Monday, March 21, 2011

Talkies and the Golden Age of Film

The year was 1927, and the film industry would never be the same. Warner Bros. studio came out with The Jazz Singer starring Al Jolson. What was so special about this movie? It happened to be the very first "Talkie." Warner Bros. had successfully found a way to get spoken word onto the silver screen. Warner Bros. owned Vitaphone, which was the technology they used to put language with the movie. The whole process of Vitaphone was very simple. All you had to do was play a phonograph of the sound of the movie and play it with the movie itself. It just had to be exact or the movie looked off. Warner Bros. only owned Vitaphone until 1928, and many other companies tried to duplicate the process to churn out their own talkies. By May 1928, Electric Research Product Incorporated had a monopoly on sound distribution. In the years after, sound quality and techniques greatly improved.
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The Jazz Singer stands out among movies for that distinction of being the first one to be given a voice, though the use of black-face in the movie is cringe-worthy today. Many who went to see the film looked around the theater to see where the singer was or wondering who was talking since there was no way that it was actually part of the movie. The audience at the premiere of the movie were described as being in hysterics over hearing dialogue during the movie. With that first talkie came many more.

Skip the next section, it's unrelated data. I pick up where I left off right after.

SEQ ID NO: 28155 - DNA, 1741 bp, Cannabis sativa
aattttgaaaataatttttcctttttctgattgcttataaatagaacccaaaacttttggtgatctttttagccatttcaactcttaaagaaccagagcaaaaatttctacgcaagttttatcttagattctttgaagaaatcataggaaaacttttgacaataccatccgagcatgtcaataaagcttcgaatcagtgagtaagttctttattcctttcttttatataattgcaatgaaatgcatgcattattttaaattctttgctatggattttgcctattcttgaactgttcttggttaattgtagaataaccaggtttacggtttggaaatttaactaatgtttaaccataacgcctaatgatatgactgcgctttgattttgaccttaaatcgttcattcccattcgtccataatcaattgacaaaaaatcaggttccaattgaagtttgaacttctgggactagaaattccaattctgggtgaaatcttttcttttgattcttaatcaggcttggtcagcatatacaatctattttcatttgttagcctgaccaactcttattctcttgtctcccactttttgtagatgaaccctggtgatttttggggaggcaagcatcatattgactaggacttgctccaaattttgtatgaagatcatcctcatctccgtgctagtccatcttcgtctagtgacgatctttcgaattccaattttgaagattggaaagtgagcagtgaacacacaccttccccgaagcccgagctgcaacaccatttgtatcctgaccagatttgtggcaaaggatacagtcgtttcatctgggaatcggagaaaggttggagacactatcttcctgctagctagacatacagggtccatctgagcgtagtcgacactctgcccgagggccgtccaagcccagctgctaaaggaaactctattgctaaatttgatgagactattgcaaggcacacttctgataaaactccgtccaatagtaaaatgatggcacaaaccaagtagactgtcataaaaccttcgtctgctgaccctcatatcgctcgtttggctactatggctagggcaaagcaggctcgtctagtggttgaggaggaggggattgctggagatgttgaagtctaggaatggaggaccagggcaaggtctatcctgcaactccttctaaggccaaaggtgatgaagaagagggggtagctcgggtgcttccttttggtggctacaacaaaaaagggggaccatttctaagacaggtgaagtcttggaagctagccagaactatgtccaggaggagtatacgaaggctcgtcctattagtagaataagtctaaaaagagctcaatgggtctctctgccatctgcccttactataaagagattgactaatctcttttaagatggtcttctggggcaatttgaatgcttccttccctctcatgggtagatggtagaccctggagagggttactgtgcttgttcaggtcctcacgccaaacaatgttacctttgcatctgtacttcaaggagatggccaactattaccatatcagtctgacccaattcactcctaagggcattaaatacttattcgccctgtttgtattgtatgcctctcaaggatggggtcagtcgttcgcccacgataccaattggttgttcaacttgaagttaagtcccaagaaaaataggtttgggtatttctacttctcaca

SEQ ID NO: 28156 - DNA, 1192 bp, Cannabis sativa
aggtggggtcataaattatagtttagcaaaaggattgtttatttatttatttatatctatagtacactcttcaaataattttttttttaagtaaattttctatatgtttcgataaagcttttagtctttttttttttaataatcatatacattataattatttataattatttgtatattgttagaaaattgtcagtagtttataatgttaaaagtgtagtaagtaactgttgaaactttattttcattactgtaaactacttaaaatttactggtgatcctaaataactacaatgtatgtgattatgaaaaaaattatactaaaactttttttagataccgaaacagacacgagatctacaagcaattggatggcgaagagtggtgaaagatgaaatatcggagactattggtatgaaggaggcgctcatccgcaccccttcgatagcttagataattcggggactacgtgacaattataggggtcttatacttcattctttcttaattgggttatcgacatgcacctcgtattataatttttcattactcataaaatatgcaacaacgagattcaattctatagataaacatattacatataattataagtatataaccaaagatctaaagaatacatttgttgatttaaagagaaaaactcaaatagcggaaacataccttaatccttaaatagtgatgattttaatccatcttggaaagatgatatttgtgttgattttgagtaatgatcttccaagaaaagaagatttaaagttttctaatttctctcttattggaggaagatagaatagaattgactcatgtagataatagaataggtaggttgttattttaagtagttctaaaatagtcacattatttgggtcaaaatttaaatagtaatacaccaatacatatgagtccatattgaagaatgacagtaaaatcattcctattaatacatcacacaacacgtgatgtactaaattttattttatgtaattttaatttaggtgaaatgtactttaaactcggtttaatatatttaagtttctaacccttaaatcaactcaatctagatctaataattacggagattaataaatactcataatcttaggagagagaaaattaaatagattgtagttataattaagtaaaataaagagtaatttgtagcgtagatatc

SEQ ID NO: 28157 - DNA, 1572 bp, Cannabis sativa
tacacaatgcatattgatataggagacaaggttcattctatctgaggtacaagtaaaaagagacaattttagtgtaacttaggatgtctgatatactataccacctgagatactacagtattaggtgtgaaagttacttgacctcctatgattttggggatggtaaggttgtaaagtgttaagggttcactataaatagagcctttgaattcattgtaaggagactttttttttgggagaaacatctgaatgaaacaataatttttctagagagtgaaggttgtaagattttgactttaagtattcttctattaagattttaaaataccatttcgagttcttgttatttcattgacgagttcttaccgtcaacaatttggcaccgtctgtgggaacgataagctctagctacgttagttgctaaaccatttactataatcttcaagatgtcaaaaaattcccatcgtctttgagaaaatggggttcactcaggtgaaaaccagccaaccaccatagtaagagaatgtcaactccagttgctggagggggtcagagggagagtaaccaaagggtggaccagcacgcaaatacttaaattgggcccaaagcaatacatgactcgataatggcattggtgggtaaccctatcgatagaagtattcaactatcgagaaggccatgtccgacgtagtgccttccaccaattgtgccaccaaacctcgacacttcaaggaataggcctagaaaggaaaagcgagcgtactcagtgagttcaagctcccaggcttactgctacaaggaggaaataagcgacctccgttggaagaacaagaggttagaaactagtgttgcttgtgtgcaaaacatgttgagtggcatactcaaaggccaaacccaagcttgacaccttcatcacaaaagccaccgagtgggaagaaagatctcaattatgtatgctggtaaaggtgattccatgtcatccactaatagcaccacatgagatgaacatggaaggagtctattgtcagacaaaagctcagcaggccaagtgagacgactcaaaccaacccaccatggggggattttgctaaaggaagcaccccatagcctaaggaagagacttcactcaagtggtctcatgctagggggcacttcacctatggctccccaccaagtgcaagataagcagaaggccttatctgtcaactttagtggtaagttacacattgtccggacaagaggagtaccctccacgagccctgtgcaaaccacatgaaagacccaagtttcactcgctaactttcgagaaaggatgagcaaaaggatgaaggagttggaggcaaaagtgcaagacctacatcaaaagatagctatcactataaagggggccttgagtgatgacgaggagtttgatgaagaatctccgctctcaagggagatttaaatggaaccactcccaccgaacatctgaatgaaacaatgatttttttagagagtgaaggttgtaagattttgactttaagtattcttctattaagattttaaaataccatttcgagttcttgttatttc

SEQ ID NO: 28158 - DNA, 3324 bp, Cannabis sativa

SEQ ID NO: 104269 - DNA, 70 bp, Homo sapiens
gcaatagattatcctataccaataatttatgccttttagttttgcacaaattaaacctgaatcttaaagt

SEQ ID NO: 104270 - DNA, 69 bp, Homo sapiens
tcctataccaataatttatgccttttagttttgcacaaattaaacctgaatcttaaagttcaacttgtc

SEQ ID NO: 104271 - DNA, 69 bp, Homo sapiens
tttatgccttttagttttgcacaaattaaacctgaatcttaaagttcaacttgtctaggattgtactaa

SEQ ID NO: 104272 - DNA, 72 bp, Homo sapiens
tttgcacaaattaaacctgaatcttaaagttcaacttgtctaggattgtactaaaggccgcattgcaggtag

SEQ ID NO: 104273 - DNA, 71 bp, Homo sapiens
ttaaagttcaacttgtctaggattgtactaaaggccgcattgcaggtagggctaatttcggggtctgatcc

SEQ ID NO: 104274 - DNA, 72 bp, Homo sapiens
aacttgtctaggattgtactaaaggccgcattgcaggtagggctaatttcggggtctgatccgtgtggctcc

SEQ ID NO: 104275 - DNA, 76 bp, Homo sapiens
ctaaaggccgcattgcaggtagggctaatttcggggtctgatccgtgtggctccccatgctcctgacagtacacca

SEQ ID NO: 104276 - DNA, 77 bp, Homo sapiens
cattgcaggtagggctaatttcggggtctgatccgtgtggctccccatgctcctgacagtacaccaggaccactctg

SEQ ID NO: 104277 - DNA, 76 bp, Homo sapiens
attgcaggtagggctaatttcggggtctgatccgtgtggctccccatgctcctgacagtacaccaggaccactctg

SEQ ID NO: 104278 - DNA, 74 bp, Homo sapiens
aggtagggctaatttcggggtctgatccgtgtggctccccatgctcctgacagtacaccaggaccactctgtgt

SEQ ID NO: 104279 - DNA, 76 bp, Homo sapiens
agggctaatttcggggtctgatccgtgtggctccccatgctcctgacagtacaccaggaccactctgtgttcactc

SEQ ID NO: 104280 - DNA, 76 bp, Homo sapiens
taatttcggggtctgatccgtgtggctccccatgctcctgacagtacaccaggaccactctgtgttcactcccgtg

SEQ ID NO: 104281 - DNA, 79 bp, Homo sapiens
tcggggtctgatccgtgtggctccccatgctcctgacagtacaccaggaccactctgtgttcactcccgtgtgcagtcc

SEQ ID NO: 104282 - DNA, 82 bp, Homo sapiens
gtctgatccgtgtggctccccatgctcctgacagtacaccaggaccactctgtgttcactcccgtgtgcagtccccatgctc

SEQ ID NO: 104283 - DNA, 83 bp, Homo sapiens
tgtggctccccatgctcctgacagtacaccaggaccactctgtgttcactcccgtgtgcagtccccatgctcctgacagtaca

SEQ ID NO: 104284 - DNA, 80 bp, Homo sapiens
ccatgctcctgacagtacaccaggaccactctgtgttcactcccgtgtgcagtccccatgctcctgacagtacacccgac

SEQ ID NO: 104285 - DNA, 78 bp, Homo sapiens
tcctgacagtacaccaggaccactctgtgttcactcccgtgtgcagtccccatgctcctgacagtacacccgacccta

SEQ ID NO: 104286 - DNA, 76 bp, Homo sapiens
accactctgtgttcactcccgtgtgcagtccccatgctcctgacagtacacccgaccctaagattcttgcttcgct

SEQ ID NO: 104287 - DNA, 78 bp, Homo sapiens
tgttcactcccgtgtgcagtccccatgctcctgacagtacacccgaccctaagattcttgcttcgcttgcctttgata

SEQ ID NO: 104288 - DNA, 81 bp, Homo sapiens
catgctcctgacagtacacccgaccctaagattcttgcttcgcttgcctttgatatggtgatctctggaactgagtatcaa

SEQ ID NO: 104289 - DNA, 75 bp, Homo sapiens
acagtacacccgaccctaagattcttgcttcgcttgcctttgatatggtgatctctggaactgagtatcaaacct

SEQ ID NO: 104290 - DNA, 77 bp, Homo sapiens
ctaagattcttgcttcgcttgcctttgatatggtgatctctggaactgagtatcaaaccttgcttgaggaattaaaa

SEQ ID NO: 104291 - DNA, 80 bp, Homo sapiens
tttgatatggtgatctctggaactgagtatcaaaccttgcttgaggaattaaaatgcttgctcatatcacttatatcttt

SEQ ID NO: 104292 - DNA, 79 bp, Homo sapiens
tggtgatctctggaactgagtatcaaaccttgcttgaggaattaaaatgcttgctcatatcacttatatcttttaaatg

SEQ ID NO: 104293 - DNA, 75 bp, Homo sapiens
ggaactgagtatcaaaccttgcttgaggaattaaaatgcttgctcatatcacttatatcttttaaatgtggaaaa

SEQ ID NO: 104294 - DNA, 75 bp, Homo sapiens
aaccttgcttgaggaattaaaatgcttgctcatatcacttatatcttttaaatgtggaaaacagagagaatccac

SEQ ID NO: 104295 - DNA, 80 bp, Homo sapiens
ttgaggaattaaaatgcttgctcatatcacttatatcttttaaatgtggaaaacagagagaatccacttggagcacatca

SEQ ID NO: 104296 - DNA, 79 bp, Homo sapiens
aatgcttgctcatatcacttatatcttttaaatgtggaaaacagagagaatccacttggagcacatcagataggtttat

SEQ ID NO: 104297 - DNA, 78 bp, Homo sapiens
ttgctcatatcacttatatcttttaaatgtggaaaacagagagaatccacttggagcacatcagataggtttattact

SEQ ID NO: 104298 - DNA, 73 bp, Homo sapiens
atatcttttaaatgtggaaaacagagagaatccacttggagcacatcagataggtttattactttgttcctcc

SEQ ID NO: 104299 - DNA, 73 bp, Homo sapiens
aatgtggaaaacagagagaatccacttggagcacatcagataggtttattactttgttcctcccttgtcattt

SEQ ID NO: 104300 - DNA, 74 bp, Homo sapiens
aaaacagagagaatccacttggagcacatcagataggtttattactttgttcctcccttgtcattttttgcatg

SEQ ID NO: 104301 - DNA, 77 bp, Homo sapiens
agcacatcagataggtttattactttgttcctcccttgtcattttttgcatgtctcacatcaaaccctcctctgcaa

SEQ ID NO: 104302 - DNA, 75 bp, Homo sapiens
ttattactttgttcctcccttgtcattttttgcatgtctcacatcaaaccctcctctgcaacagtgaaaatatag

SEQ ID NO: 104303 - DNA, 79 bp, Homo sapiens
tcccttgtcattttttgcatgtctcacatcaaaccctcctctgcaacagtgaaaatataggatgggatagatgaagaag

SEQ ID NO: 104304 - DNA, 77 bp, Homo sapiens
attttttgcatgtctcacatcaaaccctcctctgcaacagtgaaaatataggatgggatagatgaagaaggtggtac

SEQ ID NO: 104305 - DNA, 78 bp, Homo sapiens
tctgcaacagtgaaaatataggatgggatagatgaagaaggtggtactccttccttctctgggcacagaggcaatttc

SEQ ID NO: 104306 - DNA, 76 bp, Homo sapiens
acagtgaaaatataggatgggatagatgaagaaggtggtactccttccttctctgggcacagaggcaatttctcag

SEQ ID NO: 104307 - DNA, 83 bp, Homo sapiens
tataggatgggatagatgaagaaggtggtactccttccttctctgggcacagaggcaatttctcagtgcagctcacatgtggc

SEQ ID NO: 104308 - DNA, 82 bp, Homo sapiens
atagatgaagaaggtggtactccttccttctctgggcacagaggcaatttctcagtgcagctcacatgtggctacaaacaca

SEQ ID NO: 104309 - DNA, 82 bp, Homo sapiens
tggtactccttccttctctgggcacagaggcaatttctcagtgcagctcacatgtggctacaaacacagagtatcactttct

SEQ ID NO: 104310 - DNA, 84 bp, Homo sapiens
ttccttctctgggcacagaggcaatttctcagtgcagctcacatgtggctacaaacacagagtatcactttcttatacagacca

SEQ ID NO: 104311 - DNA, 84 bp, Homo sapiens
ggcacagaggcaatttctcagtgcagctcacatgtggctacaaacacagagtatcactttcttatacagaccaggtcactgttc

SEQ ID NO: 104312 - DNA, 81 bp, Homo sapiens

Talkies were not embraced by all. Audiences around the U.S. loved them, but a lot of actors and actresses now found themselves out of a job. Hollywood couldn't go back after talkies were introduced, they had to switch over from silent films to make more money. Silent films would cease altogether by 1935 with the last being Legong: Dance of the Virgins, which incidentally wasn't shown in American theaters due to concern with female nudity in the film. Many of the silent film era stars couldn't switch over to talkies due to their lack of vocal talents and their inability to memorize their lines. The well known musical Singin' In the Rain does a great job of capturing the transition from silent films to talkies in Hollywood, including the hardships that many actors faced. Charlie Chaplin and other actors, as well as directors that made it during the silent era initially refused to star in any talkies because they thought the new films were just a novelty. When it became apparent that talkies were here to stay and making studios lots of money, Chaplin and other silent film aficionados decided they would jump on board. Chaplin's first talkie would be The Great Dictator, a film about Nazi Germany and Hitler. Chaplin starred in and directed the film, which was the first American film to satirize the Nazi's and Hitler. The U.S. was still formally at peace with Germany at the time, so the film was somewhat controversial.